<li><span style=”color: #000000;”><strong><u>Creation of EB-5 Policy Guidance</u>.</strong> IPO appears to have moved on from “stakeholder engagement” towards “listening sessions,” most likely in an attempt to ensure that nobody misspeaks on the phone and creates confusion among EB-5 stakeholders. Kendall notes that the USCIS Policy Manual and forms will be updated based on the new rules. A copy of her remarks can be found here: </span><span style=”color: #0000ff;”> <a style=”color: #0000ff;” href=”https://www.uscis.gov/sites/default/files/files/nativedocuments/EB-5_Modernization_Stakeholder_Call.pdf”>https://www.uscis.gov/sites/default/files/files/nativedocuments/EB-5_Modernization_Stakeholder_Call.pdf</a> </span></li>
<p>This post originally appeared on <a href=”https://wolfsdorf.com/blog/2019/09/16/5-things-we-learned-from-the-september-2019-eb-5-immigrant-investor-program-listening-session/” target=”_blank”>Wolfsdorf Rosenthal</a>. Reprinted with permission.</p>
About The Author<br/>
<!–AUTHOR BIO START–>
<b>Joseph “Joey” Barnett</b> is a partner at Wolfsdorf Rosenthal LLP and a member of the firm’s EB-5 and business immigration practices. He is licensed as an attorney in Illinois and Wisconsin and practices exclusively in immigration and nationality law.
Mr. Barnett represents immigrant investors seeking permanent residency in the United States through USCIS-designated Regional Centers and investment in their own businesses. Mr. Barnett also assists developers with the establishment of complex corporate and financing structures for EB-5 capital. He works with economists, securities lawyers, business plan writers, and other professionals to prepare Regional Center applications, amendments, and project “exemplar” approvals.
As the lead member on the firm’s Chinese EB-1 team, Mr. Barnett has successfully represented Chinese executives, researchers, professors, medical professionals, engineers, musicians and artists, media and public relations professionals, and others with extraordinary ability in the sciences, arts, education, business, or athletics seek permanent residency in the U.S. Mr. Barnett also assists executives and managers in multinational companies to obtain permanent residency in the U.S.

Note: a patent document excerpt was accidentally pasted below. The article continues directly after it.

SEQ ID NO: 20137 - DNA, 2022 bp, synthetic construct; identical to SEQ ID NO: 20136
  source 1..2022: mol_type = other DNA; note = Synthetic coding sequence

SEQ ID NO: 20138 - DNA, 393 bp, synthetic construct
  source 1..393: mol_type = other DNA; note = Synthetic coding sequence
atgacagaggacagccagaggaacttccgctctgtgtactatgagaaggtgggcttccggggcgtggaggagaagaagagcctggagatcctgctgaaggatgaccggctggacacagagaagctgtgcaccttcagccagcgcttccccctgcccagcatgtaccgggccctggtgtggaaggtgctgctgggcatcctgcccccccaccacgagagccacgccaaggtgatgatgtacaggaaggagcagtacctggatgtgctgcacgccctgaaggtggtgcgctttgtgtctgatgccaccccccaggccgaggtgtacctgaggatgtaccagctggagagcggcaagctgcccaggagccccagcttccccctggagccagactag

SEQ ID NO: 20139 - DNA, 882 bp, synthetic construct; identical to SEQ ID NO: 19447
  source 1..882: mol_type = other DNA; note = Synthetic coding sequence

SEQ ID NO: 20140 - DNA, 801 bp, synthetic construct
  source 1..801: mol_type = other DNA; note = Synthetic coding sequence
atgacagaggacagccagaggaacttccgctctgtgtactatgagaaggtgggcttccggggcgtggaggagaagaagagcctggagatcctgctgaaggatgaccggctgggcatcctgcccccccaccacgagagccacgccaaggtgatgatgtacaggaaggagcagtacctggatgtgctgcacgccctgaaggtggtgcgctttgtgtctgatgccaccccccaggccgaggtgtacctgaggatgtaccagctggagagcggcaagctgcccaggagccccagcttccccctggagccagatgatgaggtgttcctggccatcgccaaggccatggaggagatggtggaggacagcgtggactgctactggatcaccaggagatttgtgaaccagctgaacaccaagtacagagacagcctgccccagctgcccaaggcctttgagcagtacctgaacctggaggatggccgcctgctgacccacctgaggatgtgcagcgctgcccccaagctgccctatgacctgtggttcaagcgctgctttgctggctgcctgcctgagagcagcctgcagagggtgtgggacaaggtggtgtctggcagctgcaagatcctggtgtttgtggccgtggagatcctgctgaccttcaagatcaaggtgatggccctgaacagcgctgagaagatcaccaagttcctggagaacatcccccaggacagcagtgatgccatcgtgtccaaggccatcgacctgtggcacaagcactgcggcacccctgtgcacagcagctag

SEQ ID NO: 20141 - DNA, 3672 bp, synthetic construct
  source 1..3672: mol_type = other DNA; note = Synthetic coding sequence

Mr. Barnett is also responsible for a variety of other immigration matters, including temporary work visas, employment-based petitions, administrative appeals, and federal writ of mandamus lawsuits.
<b>Bernard P. Wolfsdorf </b> is an immigration attorney and a managing partner at Wolfsdorf Rosenthal LLP (WR Global Immigration) an immigration law firm with offices in Los Angeles, New York, Oakland, Santa Monica, San Francisco and Shanghai. Mr. Wolfsdorf has been designated as a Certified Specialist in Immigration and Nationality Law by the State Bar of California for over 25 years.
WR Global Immigration is known worldwide for its excellence in providing value and top-quality global immigration representation.
Chambers USA – California rated only three firms as Tier 1, including WR Global Immigration. He has been consistently rated as “AV Preeminent” by Martindale-Hubbell and was selected as the “2018 Lawyer of the Year for Los Angeles” by U.S. News & World Report/Best Lawyers in America. Mr. Wolfsdorf serves on the American Immigration Lawyers Association’s EB-5 committee and he is a past national President of AILA where he was awarded its Service Excellence Award for his voluntary contributions. EB5 Investors Magazine has named him in its Top 25 immigration lawyers for the past 5 years.
He is a frequent speaker and author on EB-5 topics. The firm is known for providing innovative solutions to complex issues for its clients and handles a broad range of global mobility cases. WR Global has developed the most advanced Immigrant Management System available WRpaid that has transformed the practice of immigration law. Chambers USA describes him as “one of the hardest-working immigration lawyers around.
<!–END AUTHOR BIO–>
<div class=”ilwFinePrint”>The opinions expressed in this article do not necessarily reflect the opinion of <span itemprop=”publisher” itemscope itemtype=”http://schema.org/Organization”>